Despite the controversy, there are environmental benefits to insect farming. Our current animal agricultural systems are destructive for the environment.

“This sector relies heavily on water and carbon-intensive farming of grains at a time when the cost of agrochemical inputs are climbing and freshwater resources are becoming increasingly unreliable. Globally, animal farms consume more than a third of the world’s total grain production. In the U.S. the share is closer to half. Insect-based animal feeds could be this industry’s best shot at building climate resilience, while also helping to manage a food waste crisis.” (Bloomberg)

Meanwhile, insect farming has potential to utilize less land and leave less of a carbon footprint on the planet. “Black soldier fly larvae, in particular, hold promise: Known in the industry by the acronym BSFL, these infant bugs serve as high-quality chicken and fish feed and require 1,000 times less land per unit of protein produced compared to soy production, between 50 and 100 times less water, and zero agrochemical inputs.” (Bloomberg)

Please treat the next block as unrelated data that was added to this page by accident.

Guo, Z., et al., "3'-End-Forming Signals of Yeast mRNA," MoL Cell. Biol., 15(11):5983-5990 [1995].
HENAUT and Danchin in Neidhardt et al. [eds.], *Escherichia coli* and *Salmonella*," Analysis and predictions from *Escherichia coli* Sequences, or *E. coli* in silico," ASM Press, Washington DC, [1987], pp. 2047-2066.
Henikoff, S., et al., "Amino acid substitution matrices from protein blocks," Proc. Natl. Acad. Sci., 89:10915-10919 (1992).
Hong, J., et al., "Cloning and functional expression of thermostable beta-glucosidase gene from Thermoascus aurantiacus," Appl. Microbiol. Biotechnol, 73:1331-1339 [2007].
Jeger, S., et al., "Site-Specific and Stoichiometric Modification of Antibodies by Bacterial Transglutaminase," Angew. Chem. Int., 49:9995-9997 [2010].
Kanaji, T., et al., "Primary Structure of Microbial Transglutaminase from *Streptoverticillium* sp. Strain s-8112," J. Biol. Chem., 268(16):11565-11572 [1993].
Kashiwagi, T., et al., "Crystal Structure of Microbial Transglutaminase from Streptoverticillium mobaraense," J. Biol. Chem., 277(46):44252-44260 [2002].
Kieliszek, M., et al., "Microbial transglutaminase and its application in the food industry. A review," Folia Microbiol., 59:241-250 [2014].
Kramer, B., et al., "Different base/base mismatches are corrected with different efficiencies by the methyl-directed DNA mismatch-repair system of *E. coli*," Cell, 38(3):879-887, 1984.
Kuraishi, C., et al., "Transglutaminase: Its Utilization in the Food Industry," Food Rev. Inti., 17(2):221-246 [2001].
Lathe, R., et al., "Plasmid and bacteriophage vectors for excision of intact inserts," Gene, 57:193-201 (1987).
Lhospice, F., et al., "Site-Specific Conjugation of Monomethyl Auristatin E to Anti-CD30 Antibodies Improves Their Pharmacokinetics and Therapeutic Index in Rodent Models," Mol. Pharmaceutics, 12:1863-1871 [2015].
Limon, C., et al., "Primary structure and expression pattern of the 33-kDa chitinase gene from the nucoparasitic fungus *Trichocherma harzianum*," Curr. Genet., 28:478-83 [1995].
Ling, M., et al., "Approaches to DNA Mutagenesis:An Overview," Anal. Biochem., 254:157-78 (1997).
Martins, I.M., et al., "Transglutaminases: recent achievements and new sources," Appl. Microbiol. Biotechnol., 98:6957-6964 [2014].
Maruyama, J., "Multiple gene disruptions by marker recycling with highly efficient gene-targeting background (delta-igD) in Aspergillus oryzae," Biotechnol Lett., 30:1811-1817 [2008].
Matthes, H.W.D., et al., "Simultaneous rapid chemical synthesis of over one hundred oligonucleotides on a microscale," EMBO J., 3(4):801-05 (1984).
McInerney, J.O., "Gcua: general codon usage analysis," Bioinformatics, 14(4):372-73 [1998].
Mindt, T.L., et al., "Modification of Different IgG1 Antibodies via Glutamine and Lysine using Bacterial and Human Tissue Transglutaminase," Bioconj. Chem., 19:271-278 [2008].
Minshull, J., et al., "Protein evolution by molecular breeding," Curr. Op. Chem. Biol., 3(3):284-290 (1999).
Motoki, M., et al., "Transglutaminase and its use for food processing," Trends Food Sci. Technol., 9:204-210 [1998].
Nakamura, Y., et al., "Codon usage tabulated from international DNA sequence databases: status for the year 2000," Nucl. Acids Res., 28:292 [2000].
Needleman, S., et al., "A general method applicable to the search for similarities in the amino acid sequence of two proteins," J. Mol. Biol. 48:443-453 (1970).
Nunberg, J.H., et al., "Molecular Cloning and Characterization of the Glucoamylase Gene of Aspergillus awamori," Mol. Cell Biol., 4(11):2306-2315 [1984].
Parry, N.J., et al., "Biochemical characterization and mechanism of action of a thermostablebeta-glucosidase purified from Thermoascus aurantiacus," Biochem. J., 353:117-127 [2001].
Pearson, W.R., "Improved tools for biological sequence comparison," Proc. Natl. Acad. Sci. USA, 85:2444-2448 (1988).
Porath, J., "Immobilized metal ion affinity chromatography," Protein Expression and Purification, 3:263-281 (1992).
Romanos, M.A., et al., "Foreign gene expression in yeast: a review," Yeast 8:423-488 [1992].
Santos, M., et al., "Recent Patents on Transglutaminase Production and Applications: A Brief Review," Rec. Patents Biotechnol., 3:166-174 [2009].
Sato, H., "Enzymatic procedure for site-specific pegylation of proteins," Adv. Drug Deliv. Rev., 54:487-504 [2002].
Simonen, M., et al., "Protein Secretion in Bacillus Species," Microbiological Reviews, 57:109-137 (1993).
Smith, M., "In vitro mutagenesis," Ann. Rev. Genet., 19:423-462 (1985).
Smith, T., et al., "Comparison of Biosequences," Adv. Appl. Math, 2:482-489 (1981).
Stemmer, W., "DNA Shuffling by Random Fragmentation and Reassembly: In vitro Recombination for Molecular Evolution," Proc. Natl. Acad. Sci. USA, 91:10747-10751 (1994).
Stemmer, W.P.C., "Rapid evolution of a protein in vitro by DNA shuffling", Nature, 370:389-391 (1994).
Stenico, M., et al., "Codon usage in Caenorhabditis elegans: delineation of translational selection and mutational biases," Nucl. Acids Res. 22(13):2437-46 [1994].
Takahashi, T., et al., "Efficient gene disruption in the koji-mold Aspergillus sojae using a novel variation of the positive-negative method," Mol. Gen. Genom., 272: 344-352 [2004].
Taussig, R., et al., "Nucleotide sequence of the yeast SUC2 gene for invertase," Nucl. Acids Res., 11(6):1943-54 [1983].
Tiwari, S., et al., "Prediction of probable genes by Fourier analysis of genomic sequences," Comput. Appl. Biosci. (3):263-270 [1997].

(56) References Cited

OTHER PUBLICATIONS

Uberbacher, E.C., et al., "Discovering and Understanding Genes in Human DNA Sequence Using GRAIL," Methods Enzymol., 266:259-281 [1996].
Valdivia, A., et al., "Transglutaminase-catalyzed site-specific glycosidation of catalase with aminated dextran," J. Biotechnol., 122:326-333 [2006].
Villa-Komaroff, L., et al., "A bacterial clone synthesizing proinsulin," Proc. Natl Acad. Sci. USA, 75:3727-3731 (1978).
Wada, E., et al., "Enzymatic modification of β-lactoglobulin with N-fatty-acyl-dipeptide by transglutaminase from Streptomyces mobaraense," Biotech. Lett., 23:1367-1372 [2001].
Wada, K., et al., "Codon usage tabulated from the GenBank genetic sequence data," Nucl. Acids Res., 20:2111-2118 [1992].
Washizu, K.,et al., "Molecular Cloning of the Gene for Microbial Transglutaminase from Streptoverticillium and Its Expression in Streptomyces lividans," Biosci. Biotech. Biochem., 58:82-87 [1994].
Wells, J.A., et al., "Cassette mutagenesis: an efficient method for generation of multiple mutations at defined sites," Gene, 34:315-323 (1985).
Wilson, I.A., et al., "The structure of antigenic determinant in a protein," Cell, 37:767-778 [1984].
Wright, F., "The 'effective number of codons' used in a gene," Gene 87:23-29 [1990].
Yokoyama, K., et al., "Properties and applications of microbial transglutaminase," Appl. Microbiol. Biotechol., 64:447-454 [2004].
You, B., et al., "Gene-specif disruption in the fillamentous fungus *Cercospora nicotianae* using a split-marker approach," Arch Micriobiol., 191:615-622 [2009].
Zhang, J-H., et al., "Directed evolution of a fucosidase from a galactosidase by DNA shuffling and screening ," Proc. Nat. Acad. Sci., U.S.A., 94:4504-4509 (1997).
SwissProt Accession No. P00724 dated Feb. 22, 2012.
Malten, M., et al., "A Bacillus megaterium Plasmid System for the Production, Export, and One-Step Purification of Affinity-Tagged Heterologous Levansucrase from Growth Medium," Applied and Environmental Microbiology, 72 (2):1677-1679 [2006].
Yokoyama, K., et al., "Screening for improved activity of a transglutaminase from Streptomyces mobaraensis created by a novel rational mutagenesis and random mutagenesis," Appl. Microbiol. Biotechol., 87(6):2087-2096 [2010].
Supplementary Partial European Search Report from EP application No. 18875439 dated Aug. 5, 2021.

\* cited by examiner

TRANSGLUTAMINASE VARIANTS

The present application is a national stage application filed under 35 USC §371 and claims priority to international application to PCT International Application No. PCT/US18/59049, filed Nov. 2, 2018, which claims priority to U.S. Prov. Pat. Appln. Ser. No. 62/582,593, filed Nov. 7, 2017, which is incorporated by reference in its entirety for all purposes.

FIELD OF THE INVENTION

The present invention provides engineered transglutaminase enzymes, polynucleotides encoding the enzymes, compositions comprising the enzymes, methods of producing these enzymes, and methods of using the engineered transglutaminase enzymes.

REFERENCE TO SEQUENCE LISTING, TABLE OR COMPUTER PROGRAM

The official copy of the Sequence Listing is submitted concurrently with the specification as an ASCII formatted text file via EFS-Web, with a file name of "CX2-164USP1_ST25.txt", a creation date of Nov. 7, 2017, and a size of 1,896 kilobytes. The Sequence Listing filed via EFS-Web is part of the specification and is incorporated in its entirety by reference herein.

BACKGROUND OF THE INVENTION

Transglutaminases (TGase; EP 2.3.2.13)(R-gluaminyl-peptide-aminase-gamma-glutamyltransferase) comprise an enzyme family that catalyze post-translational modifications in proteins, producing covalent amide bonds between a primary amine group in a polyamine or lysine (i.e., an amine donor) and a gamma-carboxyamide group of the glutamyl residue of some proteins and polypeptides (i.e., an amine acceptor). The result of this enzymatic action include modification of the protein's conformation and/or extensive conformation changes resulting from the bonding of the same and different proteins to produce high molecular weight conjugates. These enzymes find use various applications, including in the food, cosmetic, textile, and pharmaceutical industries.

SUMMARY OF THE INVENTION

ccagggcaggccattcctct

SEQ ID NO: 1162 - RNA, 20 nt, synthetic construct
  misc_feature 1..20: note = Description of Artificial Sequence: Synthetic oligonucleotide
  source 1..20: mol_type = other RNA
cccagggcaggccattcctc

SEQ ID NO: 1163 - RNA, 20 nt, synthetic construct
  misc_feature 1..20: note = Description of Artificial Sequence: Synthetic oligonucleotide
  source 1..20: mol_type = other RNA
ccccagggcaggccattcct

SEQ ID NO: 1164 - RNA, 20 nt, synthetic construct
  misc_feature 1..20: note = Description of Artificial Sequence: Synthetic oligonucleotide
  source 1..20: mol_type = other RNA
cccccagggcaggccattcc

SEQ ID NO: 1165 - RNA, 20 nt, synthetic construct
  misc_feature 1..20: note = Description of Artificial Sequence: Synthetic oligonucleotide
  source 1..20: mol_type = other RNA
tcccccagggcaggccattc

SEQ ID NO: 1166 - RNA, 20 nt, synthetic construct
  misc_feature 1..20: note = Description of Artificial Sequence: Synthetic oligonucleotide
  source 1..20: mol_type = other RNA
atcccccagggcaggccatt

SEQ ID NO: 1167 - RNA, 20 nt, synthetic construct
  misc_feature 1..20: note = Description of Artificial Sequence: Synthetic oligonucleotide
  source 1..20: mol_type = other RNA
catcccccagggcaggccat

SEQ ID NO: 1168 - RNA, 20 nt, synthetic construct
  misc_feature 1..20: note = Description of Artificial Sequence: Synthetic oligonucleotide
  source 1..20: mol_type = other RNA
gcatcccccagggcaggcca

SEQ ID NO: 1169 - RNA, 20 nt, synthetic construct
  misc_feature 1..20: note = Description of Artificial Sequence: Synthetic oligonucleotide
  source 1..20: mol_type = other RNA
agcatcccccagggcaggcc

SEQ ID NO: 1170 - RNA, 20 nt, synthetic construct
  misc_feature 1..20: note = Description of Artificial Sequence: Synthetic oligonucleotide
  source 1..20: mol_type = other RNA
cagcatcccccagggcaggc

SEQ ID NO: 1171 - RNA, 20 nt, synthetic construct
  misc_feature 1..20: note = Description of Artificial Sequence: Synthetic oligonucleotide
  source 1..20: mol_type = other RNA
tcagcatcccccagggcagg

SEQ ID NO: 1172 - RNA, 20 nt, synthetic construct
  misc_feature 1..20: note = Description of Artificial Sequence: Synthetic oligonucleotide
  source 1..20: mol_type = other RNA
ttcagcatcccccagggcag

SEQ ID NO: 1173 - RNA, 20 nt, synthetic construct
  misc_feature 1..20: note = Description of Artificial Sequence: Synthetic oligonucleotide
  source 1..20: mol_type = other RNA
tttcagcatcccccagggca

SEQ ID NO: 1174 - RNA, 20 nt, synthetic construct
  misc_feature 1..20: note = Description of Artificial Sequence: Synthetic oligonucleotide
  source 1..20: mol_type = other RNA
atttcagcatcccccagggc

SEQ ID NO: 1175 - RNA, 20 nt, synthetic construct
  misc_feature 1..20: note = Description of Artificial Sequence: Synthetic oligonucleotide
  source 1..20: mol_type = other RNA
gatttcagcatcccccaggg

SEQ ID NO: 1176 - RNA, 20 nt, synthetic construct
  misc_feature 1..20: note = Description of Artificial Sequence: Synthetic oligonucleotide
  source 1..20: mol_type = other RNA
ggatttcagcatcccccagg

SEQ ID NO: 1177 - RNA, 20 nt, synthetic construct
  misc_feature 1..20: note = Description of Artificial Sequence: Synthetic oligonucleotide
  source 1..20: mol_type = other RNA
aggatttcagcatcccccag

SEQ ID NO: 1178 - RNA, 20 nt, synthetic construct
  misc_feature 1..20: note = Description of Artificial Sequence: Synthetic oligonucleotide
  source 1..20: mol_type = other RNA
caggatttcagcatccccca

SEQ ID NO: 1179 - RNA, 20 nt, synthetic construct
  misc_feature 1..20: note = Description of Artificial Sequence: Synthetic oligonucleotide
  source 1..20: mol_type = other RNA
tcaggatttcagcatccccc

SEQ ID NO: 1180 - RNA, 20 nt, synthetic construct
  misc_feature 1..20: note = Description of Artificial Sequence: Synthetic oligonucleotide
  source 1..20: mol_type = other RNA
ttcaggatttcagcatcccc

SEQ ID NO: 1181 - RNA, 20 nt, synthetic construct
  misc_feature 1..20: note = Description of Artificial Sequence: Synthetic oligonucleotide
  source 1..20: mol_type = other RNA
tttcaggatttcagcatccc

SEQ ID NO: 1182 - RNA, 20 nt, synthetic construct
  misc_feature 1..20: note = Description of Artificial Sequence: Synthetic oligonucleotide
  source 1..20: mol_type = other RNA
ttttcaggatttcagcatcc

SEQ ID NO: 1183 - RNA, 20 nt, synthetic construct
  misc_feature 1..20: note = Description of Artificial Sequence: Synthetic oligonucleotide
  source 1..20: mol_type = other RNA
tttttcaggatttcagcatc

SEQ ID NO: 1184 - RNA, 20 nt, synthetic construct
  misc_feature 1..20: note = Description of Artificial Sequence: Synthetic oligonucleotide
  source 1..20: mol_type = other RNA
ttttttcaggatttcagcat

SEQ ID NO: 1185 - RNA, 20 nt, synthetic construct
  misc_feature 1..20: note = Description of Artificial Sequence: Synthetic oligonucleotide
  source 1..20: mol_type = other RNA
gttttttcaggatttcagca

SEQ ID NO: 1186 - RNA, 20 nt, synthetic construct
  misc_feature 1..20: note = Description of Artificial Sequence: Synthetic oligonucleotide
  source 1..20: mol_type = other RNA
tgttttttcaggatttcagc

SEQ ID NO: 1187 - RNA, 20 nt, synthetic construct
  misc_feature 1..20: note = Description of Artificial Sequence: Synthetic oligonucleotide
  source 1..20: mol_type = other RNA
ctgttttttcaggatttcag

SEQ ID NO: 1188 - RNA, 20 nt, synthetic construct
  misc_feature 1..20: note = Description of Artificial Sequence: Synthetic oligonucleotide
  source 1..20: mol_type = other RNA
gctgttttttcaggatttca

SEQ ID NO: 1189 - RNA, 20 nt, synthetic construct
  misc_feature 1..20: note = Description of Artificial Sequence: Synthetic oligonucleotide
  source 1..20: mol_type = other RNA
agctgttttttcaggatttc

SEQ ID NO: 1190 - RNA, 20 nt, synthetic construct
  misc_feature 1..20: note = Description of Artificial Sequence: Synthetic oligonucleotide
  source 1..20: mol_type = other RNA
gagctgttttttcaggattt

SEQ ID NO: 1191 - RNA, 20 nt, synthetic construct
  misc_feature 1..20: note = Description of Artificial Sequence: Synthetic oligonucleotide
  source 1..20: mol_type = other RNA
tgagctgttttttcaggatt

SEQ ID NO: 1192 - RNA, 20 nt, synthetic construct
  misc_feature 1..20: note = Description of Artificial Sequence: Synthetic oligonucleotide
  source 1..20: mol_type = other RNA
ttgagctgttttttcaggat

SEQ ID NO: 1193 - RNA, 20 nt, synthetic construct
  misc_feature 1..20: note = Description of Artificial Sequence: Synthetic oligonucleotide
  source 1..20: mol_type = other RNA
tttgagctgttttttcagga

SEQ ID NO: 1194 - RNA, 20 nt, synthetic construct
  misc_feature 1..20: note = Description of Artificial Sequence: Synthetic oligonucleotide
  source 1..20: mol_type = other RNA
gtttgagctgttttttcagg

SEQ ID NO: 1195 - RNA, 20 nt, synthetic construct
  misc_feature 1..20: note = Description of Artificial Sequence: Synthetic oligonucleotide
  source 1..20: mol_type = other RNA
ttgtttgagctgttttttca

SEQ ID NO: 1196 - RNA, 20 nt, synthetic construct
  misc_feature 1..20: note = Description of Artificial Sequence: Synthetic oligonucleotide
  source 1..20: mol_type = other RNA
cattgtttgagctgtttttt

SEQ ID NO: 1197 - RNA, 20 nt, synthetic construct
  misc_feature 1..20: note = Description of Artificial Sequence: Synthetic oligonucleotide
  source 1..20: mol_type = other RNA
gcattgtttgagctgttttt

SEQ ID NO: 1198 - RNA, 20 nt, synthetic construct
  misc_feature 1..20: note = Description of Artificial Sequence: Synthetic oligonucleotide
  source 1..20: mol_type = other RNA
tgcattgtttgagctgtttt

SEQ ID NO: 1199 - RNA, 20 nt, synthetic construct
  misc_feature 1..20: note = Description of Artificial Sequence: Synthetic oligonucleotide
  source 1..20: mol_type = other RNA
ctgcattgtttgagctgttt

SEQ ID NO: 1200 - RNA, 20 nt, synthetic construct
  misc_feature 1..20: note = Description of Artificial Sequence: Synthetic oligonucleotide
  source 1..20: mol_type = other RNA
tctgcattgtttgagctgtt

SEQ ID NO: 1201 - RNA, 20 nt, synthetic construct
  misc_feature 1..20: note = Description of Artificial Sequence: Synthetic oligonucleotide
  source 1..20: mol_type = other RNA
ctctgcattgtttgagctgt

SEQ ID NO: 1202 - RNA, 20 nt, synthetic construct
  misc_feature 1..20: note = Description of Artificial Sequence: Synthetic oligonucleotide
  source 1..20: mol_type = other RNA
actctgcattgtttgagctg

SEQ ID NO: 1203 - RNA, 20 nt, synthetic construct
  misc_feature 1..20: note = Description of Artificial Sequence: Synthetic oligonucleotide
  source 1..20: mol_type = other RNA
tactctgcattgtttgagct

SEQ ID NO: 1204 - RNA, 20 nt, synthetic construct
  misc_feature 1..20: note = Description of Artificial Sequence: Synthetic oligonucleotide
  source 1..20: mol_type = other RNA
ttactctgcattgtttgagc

The EU has even approved three insects for human consumption: crickets, mealworms and grasshoppers.

Now enter DK Mok‘s wonderful short solarpunk story, “The Spider and the Stars,” published in Glass and Gardens: Solarpunk Summers.

True to the solarpunk genre, the story is focused on themes of ecology and sustainability. DK Mok is truly a talented hard sci-fi writer who immerses the reader into the bright and optimistic world of cyberpunk with much vibrant detail. She brings us such interesting details: tree planting drones, glowing festive solar fairy lights, biogas produced by cheese, cabins built of photovoltaic glass and reclaimed timber, snappily dressed proxy droids, and most revolutionary of all–spiders in space!